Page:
“The permanent ordinance should be focused on securing access to medical marijuana to qualified patients, while protecting surrounding areas from potential negative impact. This would include: operational guidelines, proliferation and over-concentration, proximity of dispensaries to sensitive uses, and appropriate permitting and licensing,” said Councilman Dennis Zine, who represents Los Angeles’s third district. He is a former police officer who served 41 years with the Los Angeles Police Department. The ordinance to control medical marijuana has yet to be written by the City Council, however Zine added that, “Los Angeles is taking many steps forward to regulate dispensaries.”
While some will argue that they are not legitimate non-profit businesses, Pearlman disagrees. “We pay sales tax returns, we purchase office supplies, we pay our fair share of taxes, it is absolutely a business.” California law requires dispensaries to operate as non-profit collectives calling its marijuana sales a “donation” rather than a purchase. “We are normal people running a non-profit organization,” says Michael, who is one of the owners of Sunny Day Collective, located in Chatsworth, and preferred we use just his first name.
“There is no profiteering going on here.” Nonprofit status exempts dispensaries from many state and local taxes, including income taxes. But that might soon change.
In early October of this year both Los Angeles County District Attorney Steve Cooley and City Attorney Carmen Trutanich announced that all medical marijuana dispensaries in the county were operating illegally and that they would be prosecuted. This news didn’t scare Pearlman nor was it a surprise. “They have been saying that for awhile, but nothing has happened,” she added. Both Trutanich and Cooley agree that over-the-counter sales of medical marijuana are illegal and a large majority, if not all of the dispensaries in the county work in that way. However, both attorneys must work with local law enforcement to crack down on the dispensaries. At a time when the city, if not the whole state, is in a fiscal emergency, the manpower and the funds might not necessarily be available.
An LAPD officer who did not want to be named on record stated that “nothing yet” had been done in the department regarding Cooley’s and Trutanich’s recent actions. “We are currently working with the attorney’s office on that matter.”
The Los Angeles City Council is expected to vote on the measure in November after a Superior Court judge ruled on October 19 that the moratorium that was put in effect in 2007 on the dispensaries had illegally been extended. Sunny Day Collective was one of the ten collectives who sued the city in September. Their lawsuit stated that the City Council violated state laws when it increased the length of the moratorium into next year. “The city was acting unconstitutionally by shutting down collectives without an ordinance in place,” says Michael.
A measure was drafted by the City Attorney’s office that would prohibit the sale of medical marijuana, forcing hundreds of dispensaries to shut down. It would require all the dispensaries opened after the moratorium, including Sunny Day Collective and Mendocino Meds Wellness Center, to shut down, as well as the 186 that opened before the moratorium. However, shutting down all marijuana collectives might not be as easy as it sounds. The problem with the measure is it that even if the city attempts to ban it by a City Council vote they can expect many legal battles in court, which would possibly overturn it as medical marijuana is legal in the state of California.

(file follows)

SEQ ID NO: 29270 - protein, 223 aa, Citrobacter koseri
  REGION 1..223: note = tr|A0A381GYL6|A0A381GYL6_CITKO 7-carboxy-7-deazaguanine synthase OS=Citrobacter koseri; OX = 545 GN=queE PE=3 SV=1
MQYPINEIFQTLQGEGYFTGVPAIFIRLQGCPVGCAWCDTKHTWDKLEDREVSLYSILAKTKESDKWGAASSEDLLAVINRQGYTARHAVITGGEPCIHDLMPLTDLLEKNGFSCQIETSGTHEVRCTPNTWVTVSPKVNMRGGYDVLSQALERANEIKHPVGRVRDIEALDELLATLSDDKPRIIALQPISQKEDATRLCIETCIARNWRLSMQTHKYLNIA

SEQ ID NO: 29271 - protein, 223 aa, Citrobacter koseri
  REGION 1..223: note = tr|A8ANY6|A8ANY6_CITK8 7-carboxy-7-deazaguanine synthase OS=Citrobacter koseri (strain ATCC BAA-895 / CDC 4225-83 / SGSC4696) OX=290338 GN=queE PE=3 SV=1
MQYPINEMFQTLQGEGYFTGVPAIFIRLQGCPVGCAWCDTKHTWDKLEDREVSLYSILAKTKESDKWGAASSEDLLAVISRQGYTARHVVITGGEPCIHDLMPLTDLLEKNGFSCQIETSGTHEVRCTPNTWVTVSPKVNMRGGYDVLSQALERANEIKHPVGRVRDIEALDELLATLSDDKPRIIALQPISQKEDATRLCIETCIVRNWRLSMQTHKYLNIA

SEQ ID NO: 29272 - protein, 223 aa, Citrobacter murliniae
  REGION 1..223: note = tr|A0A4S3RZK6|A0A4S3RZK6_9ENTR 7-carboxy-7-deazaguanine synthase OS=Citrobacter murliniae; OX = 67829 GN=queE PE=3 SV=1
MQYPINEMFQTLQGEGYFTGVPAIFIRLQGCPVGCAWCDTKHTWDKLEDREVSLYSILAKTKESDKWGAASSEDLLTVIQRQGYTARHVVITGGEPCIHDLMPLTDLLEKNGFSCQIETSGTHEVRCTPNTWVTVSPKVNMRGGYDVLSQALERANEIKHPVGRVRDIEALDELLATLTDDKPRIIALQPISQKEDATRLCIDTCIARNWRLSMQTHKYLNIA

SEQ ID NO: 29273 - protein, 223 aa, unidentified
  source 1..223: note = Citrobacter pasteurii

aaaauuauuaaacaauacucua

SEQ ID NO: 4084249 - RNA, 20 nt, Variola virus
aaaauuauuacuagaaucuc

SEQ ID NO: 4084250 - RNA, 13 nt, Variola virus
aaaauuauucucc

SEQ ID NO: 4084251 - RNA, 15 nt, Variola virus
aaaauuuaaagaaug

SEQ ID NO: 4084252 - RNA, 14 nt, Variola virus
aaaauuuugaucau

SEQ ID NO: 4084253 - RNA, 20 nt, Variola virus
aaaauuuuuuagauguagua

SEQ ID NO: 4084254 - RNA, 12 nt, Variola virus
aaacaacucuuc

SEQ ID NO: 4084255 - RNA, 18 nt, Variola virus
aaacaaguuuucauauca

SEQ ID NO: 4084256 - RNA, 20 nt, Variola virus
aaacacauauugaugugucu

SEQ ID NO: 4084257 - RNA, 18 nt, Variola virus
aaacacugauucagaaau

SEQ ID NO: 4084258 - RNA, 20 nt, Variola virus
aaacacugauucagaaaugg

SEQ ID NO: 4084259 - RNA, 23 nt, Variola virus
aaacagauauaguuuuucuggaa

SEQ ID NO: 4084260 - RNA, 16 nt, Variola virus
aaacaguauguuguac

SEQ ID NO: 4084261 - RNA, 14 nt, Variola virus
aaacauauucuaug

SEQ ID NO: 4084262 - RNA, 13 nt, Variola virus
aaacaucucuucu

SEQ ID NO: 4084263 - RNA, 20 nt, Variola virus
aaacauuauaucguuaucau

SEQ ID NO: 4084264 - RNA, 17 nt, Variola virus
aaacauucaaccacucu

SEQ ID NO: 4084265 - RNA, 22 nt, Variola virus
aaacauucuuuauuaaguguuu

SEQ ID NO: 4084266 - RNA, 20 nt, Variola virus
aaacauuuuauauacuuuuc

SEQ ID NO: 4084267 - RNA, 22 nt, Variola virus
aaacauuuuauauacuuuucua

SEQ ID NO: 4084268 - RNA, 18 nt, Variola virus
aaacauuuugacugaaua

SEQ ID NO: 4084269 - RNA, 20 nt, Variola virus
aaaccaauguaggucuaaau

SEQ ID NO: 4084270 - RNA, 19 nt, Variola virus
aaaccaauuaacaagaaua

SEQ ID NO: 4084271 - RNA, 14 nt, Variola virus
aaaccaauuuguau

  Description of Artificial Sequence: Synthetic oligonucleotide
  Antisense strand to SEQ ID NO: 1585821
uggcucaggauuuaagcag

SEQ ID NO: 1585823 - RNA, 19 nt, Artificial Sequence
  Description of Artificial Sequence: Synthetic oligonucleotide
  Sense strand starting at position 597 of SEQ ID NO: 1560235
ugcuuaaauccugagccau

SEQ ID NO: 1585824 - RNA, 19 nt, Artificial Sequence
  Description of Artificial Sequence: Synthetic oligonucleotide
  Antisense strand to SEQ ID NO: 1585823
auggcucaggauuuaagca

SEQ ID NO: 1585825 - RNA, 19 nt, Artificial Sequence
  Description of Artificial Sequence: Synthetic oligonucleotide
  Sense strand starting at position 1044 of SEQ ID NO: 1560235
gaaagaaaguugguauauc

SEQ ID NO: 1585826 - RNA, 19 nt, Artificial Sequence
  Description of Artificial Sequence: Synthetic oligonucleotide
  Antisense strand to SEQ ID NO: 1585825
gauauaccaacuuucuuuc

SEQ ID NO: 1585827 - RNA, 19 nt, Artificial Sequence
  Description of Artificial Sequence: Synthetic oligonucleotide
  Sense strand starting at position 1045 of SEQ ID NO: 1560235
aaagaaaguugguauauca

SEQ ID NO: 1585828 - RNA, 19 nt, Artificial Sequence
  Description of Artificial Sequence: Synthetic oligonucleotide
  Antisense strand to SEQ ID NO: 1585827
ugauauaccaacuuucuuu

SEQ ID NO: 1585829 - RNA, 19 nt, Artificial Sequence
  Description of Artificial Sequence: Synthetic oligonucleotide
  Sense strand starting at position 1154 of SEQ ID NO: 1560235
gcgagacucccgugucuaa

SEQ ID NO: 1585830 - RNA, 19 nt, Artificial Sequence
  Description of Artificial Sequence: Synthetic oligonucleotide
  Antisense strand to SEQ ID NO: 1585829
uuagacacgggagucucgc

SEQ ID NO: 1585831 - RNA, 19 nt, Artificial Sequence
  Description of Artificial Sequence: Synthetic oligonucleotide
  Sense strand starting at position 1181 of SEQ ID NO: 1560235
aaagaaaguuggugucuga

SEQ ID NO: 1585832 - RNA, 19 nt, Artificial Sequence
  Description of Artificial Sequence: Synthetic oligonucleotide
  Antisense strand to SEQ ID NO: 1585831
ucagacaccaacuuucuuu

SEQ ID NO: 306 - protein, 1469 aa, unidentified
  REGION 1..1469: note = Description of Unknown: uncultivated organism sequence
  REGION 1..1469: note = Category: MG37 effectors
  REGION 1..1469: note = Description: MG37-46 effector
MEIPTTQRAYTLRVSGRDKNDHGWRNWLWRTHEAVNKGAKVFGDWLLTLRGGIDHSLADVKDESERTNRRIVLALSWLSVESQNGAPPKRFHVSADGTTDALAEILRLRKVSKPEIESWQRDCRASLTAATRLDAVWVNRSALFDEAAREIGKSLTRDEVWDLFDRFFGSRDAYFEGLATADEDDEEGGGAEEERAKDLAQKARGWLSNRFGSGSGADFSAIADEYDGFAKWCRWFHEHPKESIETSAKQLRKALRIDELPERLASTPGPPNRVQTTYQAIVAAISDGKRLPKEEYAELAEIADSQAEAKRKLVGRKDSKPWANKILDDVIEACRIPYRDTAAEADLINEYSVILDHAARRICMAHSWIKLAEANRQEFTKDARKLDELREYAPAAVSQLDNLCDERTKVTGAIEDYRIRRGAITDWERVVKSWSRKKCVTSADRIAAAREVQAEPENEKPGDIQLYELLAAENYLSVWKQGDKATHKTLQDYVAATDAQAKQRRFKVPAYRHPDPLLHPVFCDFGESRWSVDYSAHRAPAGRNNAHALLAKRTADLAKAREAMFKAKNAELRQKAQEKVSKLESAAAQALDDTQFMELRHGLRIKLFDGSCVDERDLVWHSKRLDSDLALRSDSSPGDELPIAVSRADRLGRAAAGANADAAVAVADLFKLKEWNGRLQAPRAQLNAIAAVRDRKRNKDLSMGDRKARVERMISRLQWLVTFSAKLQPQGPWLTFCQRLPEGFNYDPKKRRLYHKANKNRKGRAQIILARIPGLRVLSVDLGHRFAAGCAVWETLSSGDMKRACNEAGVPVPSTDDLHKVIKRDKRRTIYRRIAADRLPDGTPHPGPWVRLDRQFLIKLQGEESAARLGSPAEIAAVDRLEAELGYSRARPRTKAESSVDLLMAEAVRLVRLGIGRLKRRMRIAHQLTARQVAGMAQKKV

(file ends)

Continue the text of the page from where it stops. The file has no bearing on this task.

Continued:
As with the moratorium issue, the judge sided with the medical marijuana collectives. “We would like to see these businesses treated like adult businesses and those that sell alcohol. Both of these have very specific requirements for where they can be located and what can be done,” says JJ Popowich, president of the Winnetka Neighborhood Council.
The City Council is currently working on an ordinance that would regulate collectives instead of just shutting them down, as there are no regulations in place for collectives currently. The ordinance would include provisions such as: ensuring marijuana is not sold for profit, regulating the number of collectives, enforcing zoning laws that would prohibit them from opening in certain locations, such as 1,000 feet from schools, child facilities and other collectives.
More controversial provisions include keeping collectives from only having no more than 5 pounds of dried marijuana or 100 plants at any given time, as well as regulating business hours from 10 a.m. to 8 p.m. only, as many collectives are open as late as your favorite fast food joint. “We will comply with whatever the city decides,” says Michael.
When the City Council makes their final decision on this matter, or whoever ends up making the decision, it will cause headlines, both negative and positive. But one thing is certain – that some Angelenos don’t have a problem with marijuana. “Its getting pretty mainstream. You have to remember, that people that are older now, say 60, they grew up in the 60s. This is not out of the norm for them,” says Pearlman. “Even people that don’t smoke, not many frown at it. It’s a personal choice.”
Villa is pleased that this type of program is available in California and like many others, including Councilman Zine, supports its use for medical reasons. “It works great, I have no complaints. The marijuana puts me to sleep, I wake up in the morning and feel fine, not how I did when I tried other medication.”
When asked if Mendocino Meds Wellness Center had any problems with local police, Pearlman responded, “No, they even asked me if I wanted to advertise in their magazine.”